• "Google employees, contractors and agents" go from working on Google's "behalf," to working "for" Google. This I think introduces the possibility of agency, or a degree of it, for which Google itself may not be responsible.

G+ Validates Twitter

A byproduct of Google+ that I'm enjoying is that it validates Twitter.

It's cool that Google+ sets out to do so much -- replace Facebook; organize photos; be a newsfeed; somehow be a micro-blogging platform in and to itself; and other and more -- but it's so nuanced that it's demanding.

Manwoman2AAnd so I find myself returning more often to the Twitter stream and with a renewed appreciation for how straightforward and comprehensible it is.

It's easier to consume tweets. And it remains intoxicatingly simple to post them.

This is mostly the mobile me talking. On the web, the G+ promises to integrate with everything else on or through the Chrome browser. Maybe the Twitter is going to be the ubiquitous stream that is platform agnostic. (Maybe some stripped down G+ mobile client will make G+ less exhausting on the phone -- though it's still intoxicating how much you can get around G+ on the android app.)

I still prefer the old Twitter over the new Twitter, but even the new Twitter is much more like Twitter than G+. So I credit G+ for not complaining about the forced transition (old Twitter seems to have been totally phased out now).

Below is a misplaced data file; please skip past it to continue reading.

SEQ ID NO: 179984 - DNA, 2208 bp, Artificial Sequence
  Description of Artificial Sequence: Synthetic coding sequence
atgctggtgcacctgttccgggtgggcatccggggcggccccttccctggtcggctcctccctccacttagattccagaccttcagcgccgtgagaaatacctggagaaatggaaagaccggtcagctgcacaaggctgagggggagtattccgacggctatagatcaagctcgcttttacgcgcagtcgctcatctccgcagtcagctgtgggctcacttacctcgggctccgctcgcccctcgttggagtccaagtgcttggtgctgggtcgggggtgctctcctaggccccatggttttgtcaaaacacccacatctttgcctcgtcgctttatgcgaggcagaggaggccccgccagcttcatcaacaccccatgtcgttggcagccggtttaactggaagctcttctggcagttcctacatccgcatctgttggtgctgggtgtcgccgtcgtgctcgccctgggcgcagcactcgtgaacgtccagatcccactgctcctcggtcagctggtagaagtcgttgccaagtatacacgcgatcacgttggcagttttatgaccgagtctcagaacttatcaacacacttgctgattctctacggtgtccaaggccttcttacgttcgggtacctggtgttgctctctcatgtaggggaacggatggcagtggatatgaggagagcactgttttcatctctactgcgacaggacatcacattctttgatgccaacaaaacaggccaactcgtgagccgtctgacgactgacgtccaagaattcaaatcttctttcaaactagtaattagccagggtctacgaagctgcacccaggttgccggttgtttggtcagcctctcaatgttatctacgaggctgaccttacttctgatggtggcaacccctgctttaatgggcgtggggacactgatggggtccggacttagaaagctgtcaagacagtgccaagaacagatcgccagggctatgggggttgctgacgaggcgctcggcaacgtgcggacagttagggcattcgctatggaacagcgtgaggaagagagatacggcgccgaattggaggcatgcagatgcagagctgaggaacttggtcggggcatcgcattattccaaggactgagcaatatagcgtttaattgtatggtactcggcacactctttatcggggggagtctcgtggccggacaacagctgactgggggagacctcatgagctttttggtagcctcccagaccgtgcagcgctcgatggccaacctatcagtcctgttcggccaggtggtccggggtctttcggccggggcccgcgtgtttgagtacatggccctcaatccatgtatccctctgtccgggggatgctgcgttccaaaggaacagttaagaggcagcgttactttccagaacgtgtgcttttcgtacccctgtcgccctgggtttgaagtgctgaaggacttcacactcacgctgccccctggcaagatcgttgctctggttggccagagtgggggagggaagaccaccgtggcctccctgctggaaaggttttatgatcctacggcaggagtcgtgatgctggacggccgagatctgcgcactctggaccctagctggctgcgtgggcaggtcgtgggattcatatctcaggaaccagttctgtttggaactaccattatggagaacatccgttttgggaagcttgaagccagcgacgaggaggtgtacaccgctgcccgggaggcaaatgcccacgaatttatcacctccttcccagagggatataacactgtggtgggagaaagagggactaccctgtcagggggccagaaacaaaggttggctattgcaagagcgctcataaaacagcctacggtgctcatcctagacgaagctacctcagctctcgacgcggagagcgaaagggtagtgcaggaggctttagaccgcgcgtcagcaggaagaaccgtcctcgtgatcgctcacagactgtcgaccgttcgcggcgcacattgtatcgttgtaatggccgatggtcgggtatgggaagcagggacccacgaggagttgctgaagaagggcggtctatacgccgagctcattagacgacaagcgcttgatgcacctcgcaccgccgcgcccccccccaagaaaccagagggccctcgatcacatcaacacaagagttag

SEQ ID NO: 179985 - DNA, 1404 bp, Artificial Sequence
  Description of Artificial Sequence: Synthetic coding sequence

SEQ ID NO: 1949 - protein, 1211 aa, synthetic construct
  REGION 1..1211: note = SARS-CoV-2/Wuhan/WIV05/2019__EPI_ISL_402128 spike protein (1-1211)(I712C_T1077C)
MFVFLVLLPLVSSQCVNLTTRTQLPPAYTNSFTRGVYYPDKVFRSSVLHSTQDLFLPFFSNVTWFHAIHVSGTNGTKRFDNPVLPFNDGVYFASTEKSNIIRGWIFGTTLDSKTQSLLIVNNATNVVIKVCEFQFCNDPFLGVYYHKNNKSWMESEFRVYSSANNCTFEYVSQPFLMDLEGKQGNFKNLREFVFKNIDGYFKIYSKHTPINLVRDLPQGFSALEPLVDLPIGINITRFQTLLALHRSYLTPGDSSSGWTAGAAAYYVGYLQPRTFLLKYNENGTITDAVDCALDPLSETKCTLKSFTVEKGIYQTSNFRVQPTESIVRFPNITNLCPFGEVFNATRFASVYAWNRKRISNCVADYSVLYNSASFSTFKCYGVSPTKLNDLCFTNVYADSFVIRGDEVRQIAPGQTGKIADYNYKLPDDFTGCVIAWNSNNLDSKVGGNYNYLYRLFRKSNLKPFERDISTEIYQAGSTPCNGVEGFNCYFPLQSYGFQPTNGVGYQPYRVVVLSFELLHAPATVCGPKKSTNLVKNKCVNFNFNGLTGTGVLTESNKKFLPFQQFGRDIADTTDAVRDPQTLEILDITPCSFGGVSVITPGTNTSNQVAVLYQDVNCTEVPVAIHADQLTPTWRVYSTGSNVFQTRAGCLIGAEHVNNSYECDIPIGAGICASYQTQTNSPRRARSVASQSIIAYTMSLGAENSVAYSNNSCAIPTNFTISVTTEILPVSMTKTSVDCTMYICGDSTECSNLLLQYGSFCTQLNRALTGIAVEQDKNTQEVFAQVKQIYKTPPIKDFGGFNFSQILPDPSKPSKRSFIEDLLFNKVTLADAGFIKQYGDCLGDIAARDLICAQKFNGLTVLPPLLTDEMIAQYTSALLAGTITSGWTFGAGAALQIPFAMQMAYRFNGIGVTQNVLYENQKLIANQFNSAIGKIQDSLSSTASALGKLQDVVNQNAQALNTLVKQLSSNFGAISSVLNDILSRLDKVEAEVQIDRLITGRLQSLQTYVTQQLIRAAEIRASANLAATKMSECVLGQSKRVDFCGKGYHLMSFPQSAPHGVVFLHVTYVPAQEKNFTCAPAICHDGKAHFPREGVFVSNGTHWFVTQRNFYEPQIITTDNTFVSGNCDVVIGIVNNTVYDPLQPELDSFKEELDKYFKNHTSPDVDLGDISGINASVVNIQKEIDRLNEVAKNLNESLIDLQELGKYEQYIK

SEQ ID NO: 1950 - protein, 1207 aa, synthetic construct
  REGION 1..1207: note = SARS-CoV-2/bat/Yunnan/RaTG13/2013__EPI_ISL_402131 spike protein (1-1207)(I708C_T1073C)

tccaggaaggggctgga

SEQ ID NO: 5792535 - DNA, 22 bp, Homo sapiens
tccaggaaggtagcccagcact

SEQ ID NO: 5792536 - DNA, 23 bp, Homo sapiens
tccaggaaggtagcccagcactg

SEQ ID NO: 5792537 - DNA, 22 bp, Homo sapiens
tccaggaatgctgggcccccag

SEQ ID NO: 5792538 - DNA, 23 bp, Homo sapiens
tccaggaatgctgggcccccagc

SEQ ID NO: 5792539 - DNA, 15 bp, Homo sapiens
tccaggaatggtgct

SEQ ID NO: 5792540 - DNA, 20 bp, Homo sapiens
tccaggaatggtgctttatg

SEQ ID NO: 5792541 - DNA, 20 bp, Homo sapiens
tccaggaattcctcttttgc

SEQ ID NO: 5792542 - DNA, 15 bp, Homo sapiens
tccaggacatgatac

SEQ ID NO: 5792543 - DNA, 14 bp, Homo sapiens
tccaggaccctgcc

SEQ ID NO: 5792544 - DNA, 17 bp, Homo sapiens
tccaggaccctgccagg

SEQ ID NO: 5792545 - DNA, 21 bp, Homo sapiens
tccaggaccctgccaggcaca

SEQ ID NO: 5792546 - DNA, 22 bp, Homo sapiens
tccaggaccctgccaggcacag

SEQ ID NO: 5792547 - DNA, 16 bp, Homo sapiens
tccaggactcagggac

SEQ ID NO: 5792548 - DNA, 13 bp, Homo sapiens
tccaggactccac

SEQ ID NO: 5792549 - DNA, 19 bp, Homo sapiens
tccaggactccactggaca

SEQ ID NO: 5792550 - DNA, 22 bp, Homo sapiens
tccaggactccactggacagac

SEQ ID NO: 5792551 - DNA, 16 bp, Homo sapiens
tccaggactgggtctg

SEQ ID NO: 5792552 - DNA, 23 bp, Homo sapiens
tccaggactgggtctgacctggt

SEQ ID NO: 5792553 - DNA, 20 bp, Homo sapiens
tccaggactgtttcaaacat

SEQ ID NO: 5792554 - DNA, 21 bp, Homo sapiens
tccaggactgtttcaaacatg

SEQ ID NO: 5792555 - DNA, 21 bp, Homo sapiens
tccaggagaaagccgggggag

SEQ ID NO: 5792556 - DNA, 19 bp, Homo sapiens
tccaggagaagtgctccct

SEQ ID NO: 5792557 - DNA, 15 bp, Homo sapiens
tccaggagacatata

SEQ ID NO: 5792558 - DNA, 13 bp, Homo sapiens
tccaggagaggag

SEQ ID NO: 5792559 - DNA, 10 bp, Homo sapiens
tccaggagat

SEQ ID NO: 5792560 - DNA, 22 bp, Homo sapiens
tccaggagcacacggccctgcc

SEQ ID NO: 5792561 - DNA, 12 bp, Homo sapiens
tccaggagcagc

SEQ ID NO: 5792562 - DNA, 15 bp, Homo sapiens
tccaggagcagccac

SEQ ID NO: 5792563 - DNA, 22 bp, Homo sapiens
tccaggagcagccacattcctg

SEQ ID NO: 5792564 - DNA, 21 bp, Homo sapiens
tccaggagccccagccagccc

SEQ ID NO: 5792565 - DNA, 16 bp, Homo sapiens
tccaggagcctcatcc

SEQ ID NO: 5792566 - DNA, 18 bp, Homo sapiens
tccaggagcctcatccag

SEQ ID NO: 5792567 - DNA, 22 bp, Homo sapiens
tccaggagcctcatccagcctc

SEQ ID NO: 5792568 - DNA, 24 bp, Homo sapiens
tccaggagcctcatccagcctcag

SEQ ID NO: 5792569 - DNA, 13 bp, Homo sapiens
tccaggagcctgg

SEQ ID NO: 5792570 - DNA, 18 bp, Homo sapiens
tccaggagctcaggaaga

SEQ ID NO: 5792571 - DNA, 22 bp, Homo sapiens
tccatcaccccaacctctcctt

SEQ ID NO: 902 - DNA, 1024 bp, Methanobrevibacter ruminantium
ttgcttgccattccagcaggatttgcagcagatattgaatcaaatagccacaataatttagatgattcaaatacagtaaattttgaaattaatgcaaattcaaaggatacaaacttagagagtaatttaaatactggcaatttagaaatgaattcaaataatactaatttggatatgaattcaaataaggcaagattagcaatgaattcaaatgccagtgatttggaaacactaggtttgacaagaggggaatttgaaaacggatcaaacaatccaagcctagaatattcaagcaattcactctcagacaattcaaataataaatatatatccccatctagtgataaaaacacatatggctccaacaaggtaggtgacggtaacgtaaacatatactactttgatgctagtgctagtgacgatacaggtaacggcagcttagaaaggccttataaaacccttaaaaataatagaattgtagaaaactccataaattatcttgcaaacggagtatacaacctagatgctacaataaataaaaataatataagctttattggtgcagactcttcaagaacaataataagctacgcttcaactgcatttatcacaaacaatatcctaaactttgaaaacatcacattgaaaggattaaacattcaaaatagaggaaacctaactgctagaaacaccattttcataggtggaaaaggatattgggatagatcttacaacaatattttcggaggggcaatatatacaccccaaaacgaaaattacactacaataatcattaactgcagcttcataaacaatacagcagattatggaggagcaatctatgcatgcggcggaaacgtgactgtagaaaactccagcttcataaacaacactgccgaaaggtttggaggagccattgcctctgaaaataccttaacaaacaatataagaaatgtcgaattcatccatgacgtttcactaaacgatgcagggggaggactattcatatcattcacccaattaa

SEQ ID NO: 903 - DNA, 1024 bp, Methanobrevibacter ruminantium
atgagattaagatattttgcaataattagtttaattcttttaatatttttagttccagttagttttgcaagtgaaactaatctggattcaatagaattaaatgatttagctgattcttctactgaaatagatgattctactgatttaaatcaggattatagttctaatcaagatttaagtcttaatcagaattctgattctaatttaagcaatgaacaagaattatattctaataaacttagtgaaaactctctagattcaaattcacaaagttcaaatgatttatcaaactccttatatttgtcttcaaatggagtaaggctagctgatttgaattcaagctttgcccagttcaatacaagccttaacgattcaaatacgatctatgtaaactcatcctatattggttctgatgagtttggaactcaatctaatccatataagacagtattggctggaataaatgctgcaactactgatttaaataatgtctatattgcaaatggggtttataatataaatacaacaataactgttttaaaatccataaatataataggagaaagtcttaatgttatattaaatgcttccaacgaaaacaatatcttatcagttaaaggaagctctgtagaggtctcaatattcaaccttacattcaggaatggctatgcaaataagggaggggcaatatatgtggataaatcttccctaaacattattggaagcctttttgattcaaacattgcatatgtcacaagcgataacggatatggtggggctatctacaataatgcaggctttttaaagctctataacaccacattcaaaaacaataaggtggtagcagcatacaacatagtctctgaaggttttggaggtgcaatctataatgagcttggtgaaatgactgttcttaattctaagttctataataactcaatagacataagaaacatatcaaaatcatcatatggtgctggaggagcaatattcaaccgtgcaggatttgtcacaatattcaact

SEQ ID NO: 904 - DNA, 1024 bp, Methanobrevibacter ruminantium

In short, Twitter is feeling more like that bare bones, universal public communication utility that, well, we know it really isn't; but relatively speaking, in contrast to the Google, it feels lighter.

One Google After Another

Among the perils of writing fiction set in the near future, novelist Charles Stross said last night in Seattle, are that you can mistakenly refer to technologies that were launching when you were writing, but have cratered by the time the book is out.


Google Wave is one such example, he admitted, in answering a question that questioned his reference to a Wave-like product in "Rule 34," the new novel from which he read at the University of Washington bookstore.

But Wave could come back! He noted that Google had turned it over to Apache, and that a not-too-distant future could be more receptive to what Wave has to offer.

Google+ is not going to crash like Wave, nor implode at launch like Buzz. It already has essential traction in the techie crowd, more so than Quora, probably more so than Facebook (which may be able to defend its franchise among the general population; we'll see). G+ also has a shot to keep morphing and exploring what it might become, maybe for as long a period as Twitter did.

Next up: Google Government, whereby federal power is devolved to regional bodies that will unapologetically raise taxes; build public broadband and public transport; manage free schools and hospitals; and export the crazies to their own Disneyland where goverment keeps its hands off their Medicare drug benefits and armies are equipped and fed with tax cuts.

Meditation on Envy

You were supposed to have your own key.
Apologists extended the trade window and the league was, well,
Funded. At twilight in an obscure Danish kitchen
A rediscovered Indian spice made a difference.

Fresh weather breaks like color in a Brazilian slum
As we plod our redoubt to the secure cantina
Smothered in shade. Google+ attends
The pours of attractive barkeeps shot by shot.

It's hard to look up from your diligence to let go
Of knowing everyone knows no better
Than the last time you logged in, that everywhere’s
A possibility including perhaps the place you’ve plunked yourself down.

Truth is unfashionable, but already paid for.
I lost the reason. I'm genuinely happy you took it. Can I touch it?

©2011 William Carleton